And why should I care?

The Olympics is the Champions League for mountain biking, giving our sport the most coverage it ever sees — 90% of the UK population watched at least 15 minutes of Games coverage on the BBC.

>>> All the latest 2016 Rio Olympics mountain biking info

Chances are the, when the man on the Clapham Omnibus thinks of mountain biking, this is what he’s picturing. This is why we should care, it’s the world stage.

Who’ll win?

A tougher question.

No.1 number board is NIno Schurter

No.1 number board is NIno Schurter

The Swiss racing machine that is Nino Schurter is hot favourite to get Olympic gold and avenge his defeat in London 2012 where he was outsprinted by Jaroslav Kulhavy of the Czech Republic.

Schuter’s compatriot Jolanda Neff looks set fare to make it to the top step in the women’s category.

Jolanda Neff will take some stopping

Jolanda Neff will take some stopping

The Nick Floros-designed course on Flag Mountain in the Deodoro Olympic Park bears a similarity to the Hadleigh Farm track and will favour all-round technical skills and endurance, along with punchy climbing — something Schurter has in abundance.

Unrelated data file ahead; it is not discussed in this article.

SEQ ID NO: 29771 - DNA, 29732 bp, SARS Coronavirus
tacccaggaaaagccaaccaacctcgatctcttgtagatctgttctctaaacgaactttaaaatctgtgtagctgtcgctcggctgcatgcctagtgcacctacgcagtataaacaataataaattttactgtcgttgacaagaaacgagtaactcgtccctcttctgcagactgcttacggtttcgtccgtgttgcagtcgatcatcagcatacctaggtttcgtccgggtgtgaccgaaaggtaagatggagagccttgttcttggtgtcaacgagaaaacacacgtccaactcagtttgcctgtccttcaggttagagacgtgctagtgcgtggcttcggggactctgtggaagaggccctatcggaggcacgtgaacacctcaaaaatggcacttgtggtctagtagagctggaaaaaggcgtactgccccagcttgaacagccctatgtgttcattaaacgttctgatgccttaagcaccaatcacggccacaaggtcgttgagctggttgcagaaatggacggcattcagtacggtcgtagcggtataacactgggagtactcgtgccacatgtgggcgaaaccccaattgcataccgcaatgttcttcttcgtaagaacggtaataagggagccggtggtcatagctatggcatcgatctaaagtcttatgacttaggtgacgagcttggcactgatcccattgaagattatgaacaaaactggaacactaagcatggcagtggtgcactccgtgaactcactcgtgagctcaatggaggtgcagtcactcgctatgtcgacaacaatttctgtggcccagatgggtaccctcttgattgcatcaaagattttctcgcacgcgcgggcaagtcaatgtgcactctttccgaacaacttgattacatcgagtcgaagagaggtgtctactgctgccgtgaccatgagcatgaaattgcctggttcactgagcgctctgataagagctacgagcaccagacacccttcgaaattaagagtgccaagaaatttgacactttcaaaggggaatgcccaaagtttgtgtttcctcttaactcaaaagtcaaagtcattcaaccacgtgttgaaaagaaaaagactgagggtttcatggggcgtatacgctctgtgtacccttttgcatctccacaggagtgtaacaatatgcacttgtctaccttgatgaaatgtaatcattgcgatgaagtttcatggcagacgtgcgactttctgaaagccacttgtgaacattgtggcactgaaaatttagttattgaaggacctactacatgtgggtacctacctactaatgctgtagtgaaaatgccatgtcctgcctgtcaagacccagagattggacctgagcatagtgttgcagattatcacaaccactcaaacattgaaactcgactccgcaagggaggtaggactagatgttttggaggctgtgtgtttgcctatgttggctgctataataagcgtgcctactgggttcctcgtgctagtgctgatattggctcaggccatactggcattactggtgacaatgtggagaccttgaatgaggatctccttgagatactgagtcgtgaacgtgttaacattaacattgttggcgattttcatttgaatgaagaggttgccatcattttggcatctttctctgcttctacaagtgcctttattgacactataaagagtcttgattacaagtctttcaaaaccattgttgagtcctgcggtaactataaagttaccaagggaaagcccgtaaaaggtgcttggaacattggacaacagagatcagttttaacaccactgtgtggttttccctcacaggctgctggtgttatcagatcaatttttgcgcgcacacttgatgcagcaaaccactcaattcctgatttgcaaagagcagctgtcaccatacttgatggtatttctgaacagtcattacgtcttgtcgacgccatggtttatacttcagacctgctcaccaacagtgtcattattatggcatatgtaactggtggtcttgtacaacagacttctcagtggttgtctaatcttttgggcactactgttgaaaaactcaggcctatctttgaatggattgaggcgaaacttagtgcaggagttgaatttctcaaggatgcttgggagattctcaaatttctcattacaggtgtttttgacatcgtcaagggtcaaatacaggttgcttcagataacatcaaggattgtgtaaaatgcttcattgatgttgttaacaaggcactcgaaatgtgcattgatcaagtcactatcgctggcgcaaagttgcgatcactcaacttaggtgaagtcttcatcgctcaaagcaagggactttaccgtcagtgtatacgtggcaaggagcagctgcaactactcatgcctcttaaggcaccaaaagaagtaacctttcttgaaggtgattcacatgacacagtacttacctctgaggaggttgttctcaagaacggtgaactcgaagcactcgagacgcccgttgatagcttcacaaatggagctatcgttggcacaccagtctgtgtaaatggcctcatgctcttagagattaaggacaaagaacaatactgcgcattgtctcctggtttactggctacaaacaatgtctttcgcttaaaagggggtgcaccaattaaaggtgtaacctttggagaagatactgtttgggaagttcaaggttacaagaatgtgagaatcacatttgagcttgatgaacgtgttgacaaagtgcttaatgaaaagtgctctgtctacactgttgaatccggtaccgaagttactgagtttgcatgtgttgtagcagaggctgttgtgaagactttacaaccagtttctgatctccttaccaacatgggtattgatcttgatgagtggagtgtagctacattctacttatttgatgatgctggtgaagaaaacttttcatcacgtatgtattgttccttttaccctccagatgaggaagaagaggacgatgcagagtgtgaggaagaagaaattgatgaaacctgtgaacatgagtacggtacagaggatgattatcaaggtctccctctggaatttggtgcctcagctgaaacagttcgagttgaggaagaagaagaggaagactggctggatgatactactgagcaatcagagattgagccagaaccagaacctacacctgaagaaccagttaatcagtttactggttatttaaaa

But so does his arch rival Julien Absalon, who clearly has been honing his technical riding with the help of his enduro-racing brother Remi.

>>> Julien Absalon: “London 2012 was the worst moment of my career”

Reigning Olympic champion Kulhavy recovered from a nasty wrist injury that required him to race at the Albstadt World Cup in a carbon brace and, although not as predictable as his two main rivals, he has his eyes on the main prize.

“I have lost two months preparation because of my injury in March, but I am coming to top form and the Olympics is one of my main goals,” he said. “The wrist is no problem now, and the main thing is to defend my title. There is still space for preparation for the World Champions too and these are my two peaks.”


Will it be a repeat of London then?

The London 2012 race will be remembered for it’s epic four-way fight between Schurter, Kulhavy, Burry Stander and Marco Fontana, the Italian racer whose seatpin broke in the final phase of the battle leaving him with a bronze medal for his efforts. And featuring a similar course Rio could well be a similar ding-dong battle.

Video: Watch Julien Absalon race a full lap of the 2016 Rio Olympic mountain biking course

What’s the course like?

The course is built to be TV and spectator-friendly and as such offers little shade. The climb to the highest point is 1 kilometre, which according to the organisers, makes it one of the longest XC ascents in the World. Dual lines, ‘Flip Flop’ obstacles and rock gardens make the track reminiscent of Hadleigh.